WASHINGTON — Mere weeks before the 2016 election, Americans who depend on health insurance policies authorized under the Affordable Care Act (ACA) learned that their premiums would rise by 30% on average, with approved rates in some states going much higher.
The dispiriting news released last week provided further confirmation that the ACA, better known as “Obamacare,” is in deep trouble.
But specialists disagree on whether it can be fixed or must be replaced, and the outcome of this policy battle will likely be decided by the next president of the United States.
During the second presidential debate, neither Donald Trump nor Hillary Clinton disputed the fact that the Affordable Care Act faces enormous challenges, with some of the nation’s largest insurance companies fleeing the state exchanges after significant financial losses and the government grappling with sharp increases in health care spending.
“Obamacare will never work,” said Trump during the second presidential debate. “It’s very bad, very bad health insurance.”
Clinton agreed that premiums needed to come down, but added, “if we rip it up and throw it away, what Donald is not telling you is we just turn it back to the insurance companies — the way it used to be. And that means the insurance companies get to do pretty much whatever they want.”
Trump doubled down on his criticisms near the end of the third presidential debate, during a discussion of how to address federal entitlements. “And one thing we have to do: repeal and replace the disaster known as Obamacare,” Trump said. “It’s destroying our country.”
Older and more infirm patients have welcomed a key ACA provision that bars insurers from denying coverage to patients with pre-existing conditions. Yet the plan to cover the costs of their health care by pulling in younger, healthier consumers has failed to materialize.
Now, the government faces the real possibility of a “death spiral” of rising costs matched by shrinking consumer participation.
Clinton contends this problem can be fixed, in part, by pulling in a larger number of younger consumers — a goal the Obama administration has failed to achieve thus far. She also calls for more government regulation to cap premiums and monthly outlays for prescription drugs, while floating a plan to provide refundable tax credits for families struggling with medical bills.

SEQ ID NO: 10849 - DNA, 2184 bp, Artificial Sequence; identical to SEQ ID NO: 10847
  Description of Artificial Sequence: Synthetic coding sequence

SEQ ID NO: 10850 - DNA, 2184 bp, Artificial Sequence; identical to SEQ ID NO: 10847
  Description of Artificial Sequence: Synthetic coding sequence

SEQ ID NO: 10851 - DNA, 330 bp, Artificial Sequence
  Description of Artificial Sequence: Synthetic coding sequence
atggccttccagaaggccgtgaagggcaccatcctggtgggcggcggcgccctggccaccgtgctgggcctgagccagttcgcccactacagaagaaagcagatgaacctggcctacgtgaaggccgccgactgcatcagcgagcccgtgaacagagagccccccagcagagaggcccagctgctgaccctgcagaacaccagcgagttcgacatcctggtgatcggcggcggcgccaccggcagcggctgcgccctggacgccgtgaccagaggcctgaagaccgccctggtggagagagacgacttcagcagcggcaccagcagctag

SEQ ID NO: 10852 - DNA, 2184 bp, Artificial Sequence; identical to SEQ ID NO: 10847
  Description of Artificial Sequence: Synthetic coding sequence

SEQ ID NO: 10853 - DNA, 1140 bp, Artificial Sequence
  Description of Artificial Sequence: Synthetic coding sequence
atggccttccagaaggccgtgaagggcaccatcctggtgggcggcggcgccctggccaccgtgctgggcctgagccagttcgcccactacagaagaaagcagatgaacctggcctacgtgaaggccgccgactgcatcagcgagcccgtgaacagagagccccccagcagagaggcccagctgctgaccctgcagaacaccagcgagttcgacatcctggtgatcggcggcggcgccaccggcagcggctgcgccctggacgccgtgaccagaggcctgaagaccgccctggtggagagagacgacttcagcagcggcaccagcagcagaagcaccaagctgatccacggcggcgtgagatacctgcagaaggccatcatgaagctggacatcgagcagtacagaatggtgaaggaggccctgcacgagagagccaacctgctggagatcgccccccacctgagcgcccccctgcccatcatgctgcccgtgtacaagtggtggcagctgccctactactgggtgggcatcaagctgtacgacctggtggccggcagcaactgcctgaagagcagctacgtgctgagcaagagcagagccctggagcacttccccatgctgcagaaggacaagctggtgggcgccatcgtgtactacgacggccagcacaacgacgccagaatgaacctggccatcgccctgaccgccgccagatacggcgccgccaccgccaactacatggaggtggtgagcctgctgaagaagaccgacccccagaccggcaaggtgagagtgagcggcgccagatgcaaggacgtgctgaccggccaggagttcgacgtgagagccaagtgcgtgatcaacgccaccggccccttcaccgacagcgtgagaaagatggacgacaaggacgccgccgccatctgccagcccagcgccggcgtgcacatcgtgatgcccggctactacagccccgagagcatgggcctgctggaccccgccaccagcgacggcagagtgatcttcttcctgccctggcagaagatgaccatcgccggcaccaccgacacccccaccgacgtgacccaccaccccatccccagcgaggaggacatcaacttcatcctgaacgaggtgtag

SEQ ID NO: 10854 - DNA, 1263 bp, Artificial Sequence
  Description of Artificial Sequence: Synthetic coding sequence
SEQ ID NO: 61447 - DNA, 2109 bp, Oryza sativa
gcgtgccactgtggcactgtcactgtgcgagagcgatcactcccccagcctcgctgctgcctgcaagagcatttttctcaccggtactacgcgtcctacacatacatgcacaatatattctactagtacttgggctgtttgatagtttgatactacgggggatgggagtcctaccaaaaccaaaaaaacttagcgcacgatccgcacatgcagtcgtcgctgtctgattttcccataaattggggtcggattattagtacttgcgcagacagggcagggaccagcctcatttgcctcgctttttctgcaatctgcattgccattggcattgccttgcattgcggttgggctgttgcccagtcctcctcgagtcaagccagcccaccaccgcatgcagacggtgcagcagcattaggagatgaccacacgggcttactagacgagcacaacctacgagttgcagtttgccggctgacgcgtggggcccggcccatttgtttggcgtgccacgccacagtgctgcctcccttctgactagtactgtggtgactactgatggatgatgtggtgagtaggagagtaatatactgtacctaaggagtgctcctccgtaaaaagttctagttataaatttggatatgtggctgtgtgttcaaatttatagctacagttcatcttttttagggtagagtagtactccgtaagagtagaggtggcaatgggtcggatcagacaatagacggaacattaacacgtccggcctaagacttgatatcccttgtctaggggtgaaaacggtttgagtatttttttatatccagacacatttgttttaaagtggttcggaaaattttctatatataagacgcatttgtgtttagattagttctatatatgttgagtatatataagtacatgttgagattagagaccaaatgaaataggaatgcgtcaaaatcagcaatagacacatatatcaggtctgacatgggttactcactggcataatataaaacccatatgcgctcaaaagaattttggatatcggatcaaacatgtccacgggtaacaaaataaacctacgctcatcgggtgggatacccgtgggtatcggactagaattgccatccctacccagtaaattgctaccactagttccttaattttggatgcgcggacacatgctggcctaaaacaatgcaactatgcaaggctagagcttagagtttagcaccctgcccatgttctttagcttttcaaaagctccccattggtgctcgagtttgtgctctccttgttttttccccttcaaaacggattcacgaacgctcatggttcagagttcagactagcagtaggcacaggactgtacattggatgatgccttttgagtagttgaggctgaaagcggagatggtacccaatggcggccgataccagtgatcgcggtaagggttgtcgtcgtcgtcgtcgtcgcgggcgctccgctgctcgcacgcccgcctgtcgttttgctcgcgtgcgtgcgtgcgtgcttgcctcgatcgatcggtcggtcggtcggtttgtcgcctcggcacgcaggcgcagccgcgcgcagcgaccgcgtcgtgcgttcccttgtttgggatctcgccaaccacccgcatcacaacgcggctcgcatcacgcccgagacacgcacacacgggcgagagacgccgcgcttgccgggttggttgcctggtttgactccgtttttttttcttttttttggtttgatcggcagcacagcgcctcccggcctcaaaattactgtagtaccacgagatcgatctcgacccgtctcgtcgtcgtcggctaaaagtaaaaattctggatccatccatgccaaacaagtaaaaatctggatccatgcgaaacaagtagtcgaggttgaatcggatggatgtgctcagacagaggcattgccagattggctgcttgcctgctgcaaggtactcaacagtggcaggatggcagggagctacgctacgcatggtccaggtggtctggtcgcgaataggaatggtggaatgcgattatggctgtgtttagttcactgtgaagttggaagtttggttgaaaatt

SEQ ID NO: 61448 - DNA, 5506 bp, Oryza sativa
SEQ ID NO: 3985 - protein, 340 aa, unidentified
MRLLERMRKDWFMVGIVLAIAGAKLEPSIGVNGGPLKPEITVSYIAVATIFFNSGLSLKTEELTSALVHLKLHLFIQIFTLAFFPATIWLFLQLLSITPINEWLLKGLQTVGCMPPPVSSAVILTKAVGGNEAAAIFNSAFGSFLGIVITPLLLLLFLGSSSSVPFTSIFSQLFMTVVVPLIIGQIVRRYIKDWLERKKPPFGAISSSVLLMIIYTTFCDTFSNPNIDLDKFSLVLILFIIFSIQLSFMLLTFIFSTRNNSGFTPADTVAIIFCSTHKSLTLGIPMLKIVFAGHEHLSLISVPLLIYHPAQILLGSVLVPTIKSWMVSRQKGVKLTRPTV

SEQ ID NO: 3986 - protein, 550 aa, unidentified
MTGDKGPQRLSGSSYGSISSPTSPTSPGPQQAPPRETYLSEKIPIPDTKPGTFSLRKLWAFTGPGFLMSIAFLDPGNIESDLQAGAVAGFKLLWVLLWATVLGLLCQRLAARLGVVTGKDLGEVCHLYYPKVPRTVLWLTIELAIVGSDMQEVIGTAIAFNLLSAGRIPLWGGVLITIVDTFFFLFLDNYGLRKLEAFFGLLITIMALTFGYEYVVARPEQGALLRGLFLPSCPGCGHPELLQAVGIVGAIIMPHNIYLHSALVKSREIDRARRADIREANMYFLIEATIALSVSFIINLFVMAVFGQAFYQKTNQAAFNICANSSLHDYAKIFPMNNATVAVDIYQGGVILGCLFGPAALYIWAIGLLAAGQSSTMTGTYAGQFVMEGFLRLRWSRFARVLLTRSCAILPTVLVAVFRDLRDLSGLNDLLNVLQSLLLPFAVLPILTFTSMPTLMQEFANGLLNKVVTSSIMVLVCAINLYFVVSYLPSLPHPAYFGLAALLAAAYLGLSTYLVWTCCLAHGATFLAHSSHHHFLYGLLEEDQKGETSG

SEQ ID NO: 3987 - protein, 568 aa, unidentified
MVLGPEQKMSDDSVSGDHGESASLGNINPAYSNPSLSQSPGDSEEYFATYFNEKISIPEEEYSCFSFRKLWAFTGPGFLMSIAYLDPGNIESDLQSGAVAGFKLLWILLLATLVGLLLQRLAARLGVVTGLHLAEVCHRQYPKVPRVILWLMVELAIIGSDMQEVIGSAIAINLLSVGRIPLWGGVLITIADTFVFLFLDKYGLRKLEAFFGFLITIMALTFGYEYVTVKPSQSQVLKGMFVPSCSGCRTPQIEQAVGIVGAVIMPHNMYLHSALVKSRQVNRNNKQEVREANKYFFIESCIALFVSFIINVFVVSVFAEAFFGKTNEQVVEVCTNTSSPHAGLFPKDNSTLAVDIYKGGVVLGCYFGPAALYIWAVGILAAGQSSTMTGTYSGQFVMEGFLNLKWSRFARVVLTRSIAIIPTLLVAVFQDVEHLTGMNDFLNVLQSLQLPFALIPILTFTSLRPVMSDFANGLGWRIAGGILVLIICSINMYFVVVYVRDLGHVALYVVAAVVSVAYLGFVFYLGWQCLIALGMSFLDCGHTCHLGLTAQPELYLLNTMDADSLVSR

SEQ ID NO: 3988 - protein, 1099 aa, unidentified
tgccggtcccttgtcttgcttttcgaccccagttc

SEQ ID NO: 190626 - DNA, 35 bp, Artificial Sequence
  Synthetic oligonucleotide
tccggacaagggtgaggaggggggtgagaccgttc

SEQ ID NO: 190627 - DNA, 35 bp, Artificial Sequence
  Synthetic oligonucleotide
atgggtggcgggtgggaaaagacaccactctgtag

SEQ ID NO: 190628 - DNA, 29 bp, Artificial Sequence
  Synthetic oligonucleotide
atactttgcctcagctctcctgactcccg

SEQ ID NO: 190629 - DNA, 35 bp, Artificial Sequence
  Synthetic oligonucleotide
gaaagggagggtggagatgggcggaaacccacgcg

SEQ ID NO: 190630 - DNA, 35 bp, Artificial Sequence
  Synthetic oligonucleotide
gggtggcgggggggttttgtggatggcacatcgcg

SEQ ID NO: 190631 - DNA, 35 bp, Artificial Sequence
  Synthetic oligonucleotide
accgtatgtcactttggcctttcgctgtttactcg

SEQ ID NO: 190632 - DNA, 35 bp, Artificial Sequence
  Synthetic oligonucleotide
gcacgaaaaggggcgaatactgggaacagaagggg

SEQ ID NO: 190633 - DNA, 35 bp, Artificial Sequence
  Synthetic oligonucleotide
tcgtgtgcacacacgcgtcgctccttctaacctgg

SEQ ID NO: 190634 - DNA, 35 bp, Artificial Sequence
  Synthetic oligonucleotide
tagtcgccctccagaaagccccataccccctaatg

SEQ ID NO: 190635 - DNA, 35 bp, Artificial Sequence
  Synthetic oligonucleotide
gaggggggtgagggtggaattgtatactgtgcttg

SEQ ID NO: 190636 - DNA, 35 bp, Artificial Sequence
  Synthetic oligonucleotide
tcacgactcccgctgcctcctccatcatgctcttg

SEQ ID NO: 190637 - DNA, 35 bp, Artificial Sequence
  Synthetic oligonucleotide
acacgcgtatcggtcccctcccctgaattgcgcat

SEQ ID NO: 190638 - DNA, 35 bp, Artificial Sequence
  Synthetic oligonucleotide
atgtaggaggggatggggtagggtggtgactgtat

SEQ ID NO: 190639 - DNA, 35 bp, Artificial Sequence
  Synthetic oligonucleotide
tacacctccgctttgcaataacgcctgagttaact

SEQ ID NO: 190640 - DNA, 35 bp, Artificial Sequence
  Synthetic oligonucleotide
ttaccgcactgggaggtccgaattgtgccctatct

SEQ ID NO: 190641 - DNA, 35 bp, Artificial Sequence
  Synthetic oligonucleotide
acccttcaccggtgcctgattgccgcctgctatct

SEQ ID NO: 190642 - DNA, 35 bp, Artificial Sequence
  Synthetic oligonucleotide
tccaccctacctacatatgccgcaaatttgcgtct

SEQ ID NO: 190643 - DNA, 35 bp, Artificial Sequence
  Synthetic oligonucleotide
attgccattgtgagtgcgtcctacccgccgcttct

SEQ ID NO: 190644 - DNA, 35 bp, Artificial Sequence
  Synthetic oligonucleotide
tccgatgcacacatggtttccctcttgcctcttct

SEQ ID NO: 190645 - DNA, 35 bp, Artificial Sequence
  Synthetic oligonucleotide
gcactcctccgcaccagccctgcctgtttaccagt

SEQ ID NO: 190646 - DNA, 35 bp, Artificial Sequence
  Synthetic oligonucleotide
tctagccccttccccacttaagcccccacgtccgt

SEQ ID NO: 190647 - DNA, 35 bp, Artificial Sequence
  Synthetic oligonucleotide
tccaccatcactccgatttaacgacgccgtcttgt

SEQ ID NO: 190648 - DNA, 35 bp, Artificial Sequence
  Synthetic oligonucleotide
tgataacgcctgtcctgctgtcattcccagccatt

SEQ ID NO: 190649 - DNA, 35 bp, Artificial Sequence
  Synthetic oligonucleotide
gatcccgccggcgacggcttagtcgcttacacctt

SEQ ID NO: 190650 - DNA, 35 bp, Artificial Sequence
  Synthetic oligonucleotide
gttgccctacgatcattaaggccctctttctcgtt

Trump, echoing the free-market policies of the Republican Party leadership, wants to reduce federal government involvement in health care. He would provide block grants to states for Medicaid and tax credits for families and individuals to mitigate the impact of rising health costs.
In June, Speaker of the House Paul Ryan, R-Wis., unveiled a plan that featured these proposals and provided a starting point for further deliberation. His plan would eliminate the ACA’s individual and employer mandates and end both the insurance exchanges and the expansion of Medicaid.
It won’t be easy to find common ground with two radically different approaches for improving health care. Experts further note that efforts to stabilize Obamacare are hamstrung by partisan polarization on Capitol Hill.
The acrimony dates back to 2010, when the Democrat-controlled Congress passed the health bill without a single Republican vote. It didn’t help that President Barack Obama only received the vital support of pro-life House Democrats after pledging to bar the use of federal dollars for elective abortion — a promise that has been routinely violated, according to the Government Accountability Office and other analysts.
Over the past week, the Democrat leadership’s tactics have drawn further scrutiny, with WikiLeaks’ release of hacked emails involving John Podesta, the chairman of Hillary Clinton’s presidential campaign.
In one email chain, Clinton appears to support legislation that she believes will “unravel” Obamacare, though she does not explain her reasoning.
In a second email, a Clinton aide approvingly references Obama’s confrontational language during an early State of the Nation address — language the aide believed had led Chief Justice John Roberts to side with Justices Ruth Bader-Ginsburg, Elena Kagan, Anthony Kennedy and Sonia Sotomayor in the first constitutional challenge to the ACA.